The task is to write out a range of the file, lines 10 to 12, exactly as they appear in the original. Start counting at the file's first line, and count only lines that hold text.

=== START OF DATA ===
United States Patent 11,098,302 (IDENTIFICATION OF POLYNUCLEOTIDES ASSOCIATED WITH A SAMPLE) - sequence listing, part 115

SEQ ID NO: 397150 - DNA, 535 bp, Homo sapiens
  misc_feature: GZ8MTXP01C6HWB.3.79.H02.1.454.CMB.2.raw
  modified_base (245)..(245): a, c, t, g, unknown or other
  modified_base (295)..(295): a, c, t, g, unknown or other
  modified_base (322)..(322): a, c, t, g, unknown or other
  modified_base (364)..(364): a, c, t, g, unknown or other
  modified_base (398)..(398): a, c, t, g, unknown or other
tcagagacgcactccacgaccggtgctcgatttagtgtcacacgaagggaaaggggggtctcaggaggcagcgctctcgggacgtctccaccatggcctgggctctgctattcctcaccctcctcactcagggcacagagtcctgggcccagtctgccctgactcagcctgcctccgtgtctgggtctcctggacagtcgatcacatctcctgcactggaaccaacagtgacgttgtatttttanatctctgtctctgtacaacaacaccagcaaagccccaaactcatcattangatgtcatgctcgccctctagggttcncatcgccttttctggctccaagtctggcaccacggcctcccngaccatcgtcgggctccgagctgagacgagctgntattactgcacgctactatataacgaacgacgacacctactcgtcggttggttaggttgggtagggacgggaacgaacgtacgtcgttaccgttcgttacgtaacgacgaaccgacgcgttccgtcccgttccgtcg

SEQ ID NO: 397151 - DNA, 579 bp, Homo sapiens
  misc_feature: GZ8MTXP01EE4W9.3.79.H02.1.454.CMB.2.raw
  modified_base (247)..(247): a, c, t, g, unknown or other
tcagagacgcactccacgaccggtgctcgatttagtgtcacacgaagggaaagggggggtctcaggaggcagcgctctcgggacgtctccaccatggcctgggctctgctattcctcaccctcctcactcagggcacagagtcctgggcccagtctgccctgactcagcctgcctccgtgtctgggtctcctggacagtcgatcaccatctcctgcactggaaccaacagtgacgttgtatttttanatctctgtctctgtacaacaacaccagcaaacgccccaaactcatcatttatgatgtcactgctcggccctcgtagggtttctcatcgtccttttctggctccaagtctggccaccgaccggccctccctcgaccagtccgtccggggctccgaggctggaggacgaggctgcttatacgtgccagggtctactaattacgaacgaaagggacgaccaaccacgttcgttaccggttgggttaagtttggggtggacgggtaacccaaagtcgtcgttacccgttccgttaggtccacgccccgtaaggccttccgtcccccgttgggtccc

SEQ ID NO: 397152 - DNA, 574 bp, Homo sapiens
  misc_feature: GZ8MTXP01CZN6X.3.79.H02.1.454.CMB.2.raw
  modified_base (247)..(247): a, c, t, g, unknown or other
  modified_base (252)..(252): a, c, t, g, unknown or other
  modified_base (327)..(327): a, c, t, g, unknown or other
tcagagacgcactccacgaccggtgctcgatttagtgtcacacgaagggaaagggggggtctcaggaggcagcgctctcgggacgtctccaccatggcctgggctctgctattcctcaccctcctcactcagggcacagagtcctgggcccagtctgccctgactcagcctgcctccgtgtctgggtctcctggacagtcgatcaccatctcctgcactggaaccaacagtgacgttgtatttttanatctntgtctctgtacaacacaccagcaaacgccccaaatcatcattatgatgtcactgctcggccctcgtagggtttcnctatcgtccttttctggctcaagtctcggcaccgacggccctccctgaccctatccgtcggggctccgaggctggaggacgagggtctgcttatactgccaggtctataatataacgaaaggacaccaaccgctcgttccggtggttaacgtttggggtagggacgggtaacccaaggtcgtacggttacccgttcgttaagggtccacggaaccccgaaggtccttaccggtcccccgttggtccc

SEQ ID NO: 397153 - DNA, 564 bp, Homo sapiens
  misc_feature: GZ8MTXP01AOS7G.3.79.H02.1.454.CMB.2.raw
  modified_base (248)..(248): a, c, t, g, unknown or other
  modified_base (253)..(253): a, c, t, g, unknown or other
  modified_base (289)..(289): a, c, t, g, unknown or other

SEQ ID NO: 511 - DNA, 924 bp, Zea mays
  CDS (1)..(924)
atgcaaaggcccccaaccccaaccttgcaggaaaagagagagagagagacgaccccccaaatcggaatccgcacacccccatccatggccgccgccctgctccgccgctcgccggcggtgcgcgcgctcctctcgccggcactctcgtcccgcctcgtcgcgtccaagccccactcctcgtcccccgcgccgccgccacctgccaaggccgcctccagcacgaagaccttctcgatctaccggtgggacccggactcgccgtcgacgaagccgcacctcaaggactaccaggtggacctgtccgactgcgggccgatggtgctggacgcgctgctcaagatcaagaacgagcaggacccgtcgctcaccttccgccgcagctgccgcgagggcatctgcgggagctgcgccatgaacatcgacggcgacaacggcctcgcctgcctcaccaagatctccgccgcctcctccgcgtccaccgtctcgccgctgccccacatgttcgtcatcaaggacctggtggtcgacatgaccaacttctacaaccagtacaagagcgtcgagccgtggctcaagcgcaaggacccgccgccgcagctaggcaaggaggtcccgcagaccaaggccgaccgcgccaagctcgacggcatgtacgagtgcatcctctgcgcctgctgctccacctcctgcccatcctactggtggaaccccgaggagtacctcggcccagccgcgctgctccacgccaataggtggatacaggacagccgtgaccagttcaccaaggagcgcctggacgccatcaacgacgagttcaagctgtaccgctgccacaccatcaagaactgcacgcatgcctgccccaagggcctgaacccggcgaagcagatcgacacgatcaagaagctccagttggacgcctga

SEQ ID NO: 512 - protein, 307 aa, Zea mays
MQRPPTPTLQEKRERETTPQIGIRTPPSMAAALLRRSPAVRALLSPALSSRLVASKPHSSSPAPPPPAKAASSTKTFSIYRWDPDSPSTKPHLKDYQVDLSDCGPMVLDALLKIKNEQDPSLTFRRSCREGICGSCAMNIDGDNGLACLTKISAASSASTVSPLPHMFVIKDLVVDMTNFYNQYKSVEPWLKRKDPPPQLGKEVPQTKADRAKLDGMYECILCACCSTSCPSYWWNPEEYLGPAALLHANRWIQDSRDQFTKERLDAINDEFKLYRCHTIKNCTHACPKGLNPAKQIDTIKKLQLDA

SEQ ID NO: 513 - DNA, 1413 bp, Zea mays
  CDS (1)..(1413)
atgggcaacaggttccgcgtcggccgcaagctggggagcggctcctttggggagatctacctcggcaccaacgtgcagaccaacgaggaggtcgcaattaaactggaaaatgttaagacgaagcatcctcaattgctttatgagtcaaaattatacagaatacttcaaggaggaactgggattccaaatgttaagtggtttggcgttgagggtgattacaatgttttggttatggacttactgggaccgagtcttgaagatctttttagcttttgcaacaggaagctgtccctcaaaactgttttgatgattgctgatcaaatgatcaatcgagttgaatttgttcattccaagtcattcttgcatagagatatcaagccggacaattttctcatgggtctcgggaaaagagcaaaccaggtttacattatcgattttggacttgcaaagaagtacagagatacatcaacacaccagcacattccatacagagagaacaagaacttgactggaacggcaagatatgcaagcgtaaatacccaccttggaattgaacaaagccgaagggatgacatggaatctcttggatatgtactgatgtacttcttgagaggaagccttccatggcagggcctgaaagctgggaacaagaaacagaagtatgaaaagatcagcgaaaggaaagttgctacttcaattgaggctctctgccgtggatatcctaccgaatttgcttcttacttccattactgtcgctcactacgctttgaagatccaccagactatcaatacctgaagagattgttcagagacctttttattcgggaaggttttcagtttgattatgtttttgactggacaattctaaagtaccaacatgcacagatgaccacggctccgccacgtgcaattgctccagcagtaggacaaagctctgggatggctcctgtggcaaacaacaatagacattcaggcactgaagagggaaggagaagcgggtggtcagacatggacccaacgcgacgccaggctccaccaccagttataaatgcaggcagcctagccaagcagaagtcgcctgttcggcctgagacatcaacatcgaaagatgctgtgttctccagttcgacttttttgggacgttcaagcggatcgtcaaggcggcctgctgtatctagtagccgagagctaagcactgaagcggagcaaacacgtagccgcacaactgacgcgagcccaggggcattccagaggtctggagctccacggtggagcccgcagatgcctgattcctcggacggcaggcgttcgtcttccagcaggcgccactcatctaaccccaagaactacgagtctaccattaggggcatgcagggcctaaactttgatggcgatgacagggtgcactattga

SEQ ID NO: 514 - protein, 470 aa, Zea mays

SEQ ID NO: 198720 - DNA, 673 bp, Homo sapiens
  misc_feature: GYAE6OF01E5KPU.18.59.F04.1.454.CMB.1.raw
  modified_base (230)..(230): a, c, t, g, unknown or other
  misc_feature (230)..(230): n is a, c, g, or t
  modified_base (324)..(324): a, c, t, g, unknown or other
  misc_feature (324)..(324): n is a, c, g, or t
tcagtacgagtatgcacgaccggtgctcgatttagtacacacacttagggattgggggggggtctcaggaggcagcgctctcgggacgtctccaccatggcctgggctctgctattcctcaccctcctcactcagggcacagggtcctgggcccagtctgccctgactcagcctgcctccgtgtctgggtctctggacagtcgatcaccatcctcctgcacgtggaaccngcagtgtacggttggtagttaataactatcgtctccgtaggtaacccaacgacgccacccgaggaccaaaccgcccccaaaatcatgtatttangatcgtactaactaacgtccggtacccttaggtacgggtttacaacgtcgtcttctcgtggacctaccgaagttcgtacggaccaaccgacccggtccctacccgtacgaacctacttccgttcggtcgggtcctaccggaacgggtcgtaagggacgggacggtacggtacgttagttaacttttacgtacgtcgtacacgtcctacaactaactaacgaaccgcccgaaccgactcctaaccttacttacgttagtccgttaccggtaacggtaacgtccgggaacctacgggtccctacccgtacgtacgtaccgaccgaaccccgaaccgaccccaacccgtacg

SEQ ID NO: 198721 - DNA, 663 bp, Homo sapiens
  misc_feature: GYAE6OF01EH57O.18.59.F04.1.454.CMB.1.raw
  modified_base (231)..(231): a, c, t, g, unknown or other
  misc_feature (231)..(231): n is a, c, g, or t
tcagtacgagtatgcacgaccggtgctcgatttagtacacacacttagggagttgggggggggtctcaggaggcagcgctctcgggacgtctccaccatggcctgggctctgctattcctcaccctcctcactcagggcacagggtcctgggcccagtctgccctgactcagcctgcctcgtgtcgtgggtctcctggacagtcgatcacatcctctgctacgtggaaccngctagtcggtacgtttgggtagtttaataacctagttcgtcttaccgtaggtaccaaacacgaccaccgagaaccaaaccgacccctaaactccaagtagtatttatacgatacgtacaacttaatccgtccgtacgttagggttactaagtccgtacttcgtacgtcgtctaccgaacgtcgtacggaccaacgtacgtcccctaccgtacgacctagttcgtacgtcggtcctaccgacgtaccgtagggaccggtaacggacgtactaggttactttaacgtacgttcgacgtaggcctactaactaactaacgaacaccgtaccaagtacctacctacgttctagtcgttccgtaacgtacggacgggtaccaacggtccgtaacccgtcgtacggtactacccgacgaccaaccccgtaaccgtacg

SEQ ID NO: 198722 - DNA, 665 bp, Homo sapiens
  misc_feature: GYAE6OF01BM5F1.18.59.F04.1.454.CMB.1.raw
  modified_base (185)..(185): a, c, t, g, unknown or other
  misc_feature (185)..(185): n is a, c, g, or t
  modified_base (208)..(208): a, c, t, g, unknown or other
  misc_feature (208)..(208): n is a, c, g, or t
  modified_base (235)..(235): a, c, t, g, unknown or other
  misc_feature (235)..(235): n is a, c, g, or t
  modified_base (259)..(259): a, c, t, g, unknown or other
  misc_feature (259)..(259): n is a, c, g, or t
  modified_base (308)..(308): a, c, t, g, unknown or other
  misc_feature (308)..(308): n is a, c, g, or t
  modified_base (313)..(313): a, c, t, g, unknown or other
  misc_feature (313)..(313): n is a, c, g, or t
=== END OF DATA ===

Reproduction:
SEQ ID NO: 397151 - DNA, 579 bp, Homo sapiens
  misc_feature: GZ8MTXP01EE4W9.3.79.H02.1.454.CMB.2.raw
  modified_base (247)..(247): a, c, t, g, unknown or other